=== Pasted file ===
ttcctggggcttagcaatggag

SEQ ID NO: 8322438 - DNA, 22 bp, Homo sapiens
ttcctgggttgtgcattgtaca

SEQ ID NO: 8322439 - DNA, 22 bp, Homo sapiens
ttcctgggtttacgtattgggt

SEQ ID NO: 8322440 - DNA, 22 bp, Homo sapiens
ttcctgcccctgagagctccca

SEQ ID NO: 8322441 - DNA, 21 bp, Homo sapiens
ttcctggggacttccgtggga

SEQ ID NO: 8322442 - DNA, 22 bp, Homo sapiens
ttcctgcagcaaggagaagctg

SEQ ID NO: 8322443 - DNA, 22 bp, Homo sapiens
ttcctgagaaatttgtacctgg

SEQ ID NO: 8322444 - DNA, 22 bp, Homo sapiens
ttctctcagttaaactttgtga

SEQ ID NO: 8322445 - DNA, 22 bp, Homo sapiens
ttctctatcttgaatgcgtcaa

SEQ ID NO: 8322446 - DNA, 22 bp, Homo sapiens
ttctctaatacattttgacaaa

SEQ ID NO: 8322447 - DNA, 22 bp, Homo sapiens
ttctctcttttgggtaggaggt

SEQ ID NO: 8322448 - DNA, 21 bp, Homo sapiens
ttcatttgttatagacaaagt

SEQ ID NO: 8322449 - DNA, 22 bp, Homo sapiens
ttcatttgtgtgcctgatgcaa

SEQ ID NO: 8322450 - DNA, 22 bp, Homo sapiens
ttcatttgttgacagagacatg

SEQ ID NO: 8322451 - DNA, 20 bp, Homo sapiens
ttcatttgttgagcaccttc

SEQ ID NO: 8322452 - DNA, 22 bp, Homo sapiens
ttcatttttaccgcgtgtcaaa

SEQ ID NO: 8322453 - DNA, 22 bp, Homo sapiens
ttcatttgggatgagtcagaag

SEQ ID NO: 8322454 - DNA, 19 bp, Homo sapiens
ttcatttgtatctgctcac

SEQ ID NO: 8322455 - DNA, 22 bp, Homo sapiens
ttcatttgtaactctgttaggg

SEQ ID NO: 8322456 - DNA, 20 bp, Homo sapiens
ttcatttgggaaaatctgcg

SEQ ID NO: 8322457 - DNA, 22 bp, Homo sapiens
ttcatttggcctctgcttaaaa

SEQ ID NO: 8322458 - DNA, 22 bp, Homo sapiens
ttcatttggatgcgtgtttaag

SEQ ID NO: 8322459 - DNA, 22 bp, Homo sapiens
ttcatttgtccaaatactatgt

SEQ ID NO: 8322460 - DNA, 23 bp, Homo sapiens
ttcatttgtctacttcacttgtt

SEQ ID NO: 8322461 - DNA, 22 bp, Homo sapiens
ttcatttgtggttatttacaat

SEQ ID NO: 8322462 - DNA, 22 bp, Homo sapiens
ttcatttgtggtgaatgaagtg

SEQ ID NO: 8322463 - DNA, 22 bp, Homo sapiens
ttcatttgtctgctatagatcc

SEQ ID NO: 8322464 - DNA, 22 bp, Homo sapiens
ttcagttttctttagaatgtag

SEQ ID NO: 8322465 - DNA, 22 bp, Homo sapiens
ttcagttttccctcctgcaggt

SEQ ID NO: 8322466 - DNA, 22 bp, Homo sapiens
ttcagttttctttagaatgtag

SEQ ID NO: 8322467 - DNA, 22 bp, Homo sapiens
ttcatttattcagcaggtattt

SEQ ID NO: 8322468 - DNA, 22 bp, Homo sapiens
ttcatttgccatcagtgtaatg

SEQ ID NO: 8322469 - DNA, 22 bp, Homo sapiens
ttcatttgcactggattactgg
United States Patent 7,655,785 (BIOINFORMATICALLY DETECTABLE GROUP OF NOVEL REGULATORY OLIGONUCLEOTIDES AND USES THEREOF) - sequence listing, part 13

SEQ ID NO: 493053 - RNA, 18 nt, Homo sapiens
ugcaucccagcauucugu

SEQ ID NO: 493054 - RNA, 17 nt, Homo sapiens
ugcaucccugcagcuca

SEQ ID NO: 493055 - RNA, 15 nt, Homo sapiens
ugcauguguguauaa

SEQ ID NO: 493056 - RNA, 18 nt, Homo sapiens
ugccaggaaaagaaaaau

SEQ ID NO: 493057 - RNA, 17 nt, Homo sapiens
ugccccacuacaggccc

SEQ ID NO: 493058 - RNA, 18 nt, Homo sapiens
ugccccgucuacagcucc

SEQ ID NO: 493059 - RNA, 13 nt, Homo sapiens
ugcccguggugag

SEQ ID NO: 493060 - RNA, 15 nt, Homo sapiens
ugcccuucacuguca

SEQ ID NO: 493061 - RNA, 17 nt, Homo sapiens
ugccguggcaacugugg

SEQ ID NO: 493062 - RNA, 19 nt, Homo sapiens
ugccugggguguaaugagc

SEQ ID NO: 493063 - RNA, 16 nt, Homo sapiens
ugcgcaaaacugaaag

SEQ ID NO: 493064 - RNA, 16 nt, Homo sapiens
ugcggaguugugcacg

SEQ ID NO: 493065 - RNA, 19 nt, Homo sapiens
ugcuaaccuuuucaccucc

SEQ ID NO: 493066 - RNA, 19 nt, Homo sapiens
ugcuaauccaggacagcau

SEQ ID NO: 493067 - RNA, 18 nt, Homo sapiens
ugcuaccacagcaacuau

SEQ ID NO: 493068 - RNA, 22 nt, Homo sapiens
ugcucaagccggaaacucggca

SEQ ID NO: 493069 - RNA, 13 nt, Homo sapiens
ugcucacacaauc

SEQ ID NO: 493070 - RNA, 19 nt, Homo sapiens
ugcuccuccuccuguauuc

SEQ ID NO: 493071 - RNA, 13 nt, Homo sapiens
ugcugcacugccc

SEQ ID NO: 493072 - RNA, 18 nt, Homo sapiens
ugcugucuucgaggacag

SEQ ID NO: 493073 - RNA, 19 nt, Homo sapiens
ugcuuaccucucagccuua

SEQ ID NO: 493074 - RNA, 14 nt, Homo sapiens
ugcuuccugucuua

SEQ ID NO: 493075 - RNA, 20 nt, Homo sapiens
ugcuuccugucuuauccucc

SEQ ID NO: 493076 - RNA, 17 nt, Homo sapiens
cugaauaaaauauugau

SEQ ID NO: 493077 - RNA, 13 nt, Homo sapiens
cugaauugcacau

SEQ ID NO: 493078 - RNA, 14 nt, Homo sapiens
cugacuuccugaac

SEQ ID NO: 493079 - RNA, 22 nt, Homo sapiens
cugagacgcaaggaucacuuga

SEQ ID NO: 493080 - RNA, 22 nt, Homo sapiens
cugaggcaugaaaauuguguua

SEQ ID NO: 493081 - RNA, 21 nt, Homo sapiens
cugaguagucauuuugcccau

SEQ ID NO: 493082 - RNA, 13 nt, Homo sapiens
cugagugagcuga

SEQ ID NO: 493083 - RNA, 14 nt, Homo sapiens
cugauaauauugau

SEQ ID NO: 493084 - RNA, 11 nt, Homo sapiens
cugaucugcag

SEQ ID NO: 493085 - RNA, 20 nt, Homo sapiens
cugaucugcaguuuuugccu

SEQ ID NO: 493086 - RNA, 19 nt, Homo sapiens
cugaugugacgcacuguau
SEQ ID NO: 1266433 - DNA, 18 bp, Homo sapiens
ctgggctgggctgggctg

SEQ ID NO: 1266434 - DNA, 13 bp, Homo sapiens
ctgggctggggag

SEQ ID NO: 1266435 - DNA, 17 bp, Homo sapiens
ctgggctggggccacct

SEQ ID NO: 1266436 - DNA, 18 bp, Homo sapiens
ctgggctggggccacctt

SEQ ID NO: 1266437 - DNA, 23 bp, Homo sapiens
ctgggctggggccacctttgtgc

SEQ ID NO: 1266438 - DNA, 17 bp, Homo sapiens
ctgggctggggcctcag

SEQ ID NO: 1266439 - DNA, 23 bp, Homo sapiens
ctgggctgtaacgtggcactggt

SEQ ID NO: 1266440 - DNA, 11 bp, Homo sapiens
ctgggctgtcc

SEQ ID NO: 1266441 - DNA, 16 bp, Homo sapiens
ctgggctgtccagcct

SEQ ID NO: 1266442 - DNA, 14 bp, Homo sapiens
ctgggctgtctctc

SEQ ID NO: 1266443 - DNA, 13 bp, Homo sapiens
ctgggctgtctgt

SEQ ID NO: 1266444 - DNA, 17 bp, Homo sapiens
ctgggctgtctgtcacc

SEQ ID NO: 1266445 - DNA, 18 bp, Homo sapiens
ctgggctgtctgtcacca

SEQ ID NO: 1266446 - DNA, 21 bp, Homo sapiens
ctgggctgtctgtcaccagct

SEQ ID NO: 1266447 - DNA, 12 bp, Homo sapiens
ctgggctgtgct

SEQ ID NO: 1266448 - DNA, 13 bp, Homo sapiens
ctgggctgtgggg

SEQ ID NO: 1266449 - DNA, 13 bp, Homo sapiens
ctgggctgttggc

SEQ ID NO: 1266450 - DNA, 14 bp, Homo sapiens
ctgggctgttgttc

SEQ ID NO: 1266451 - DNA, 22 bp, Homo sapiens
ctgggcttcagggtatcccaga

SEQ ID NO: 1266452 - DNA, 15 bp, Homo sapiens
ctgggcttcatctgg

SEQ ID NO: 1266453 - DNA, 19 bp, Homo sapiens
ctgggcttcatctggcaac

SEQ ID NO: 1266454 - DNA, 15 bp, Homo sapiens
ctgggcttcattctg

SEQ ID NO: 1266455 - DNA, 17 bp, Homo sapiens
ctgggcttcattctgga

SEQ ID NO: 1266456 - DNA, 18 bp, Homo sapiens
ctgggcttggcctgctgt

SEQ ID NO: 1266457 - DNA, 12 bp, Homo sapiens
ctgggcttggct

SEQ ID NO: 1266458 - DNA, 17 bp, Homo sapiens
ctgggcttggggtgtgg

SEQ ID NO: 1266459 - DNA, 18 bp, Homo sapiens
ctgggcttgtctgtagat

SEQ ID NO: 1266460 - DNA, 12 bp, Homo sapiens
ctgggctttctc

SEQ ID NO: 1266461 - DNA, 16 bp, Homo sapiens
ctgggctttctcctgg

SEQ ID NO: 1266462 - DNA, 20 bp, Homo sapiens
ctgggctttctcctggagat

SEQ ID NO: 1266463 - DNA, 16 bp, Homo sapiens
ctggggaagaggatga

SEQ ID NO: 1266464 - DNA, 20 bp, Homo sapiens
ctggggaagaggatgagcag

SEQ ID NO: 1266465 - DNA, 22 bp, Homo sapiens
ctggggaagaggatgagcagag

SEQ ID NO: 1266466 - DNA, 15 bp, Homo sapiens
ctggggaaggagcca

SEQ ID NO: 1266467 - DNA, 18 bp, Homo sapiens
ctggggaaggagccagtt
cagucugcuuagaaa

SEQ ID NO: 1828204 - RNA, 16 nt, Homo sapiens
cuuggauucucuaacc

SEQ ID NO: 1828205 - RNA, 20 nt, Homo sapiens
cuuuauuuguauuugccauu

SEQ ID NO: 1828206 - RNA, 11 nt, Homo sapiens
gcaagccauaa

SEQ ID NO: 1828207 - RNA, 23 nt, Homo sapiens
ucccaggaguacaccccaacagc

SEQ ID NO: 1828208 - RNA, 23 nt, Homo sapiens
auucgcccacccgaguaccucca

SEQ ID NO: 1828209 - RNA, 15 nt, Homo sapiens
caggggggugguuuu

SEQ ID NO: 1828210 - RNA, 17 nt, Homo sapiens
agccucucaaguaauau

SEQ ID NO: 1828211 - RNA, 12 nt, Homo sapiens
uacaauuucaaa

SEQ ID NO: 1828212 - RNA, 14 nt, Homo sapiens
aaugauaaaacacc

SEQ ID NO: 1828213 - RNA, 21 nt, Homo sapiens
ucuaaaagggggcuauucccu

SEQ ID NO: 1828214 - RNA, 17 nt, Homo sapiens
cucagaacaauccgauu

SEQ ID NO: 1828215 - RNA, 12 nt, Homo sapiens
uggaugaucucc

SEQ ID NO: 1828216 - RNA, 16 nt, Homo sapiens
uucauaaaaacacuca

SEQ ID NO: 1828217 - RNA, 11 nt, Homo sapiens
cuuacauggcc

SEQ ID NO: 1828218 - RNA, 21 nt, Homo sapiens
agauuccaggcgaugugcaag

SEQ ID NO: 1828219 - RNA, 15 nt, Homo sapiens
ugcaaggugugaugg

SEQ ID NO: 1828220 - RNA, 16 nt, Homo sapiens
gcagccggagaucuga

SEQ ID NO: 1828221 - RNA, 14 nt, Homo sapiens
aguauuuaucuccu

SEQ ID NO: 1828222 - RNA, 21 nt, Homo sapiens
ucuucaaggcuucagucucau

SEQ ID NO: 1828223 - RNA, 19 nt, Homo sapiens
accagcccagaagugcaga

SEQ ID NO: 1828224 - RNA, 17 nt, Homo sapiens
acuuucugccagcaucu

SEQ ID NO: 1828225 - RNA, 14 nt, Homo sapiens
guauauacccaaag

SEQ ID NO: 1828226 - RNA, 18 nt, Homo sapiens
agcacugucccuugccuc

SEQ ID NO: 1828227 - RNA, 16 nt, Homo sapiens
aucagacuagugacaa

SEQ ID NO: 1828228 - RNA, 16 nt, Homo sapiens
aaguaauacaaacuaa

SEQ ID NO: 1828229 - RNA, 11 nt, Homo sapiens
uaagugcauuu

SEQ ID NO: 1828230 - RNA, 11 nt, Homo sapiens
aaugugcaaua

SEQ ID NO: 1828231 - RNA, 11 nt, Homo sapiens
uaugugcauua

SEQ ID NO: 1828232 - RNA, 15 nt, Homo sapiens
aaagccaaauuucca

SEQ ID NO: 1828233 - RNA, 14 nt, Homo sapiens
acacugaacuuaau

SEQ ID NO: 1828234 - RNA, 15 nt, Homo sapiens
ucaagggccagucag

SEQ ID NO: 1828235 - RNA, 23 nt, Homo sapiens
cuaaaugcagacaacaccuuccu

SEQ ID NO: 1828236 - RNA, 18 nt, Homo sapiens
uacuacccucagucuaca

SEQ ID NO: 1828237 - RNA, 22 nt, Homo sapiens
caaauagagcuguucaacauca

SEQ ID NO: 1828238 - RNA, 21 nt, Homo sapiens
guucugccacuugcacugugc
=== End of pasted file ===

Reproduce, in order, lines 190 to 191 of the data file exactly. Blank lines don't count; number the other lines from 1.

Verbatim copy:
ctgggctttctc

SEQ ID NO: 1266461 - DNA, 16 bp, Homo sapiens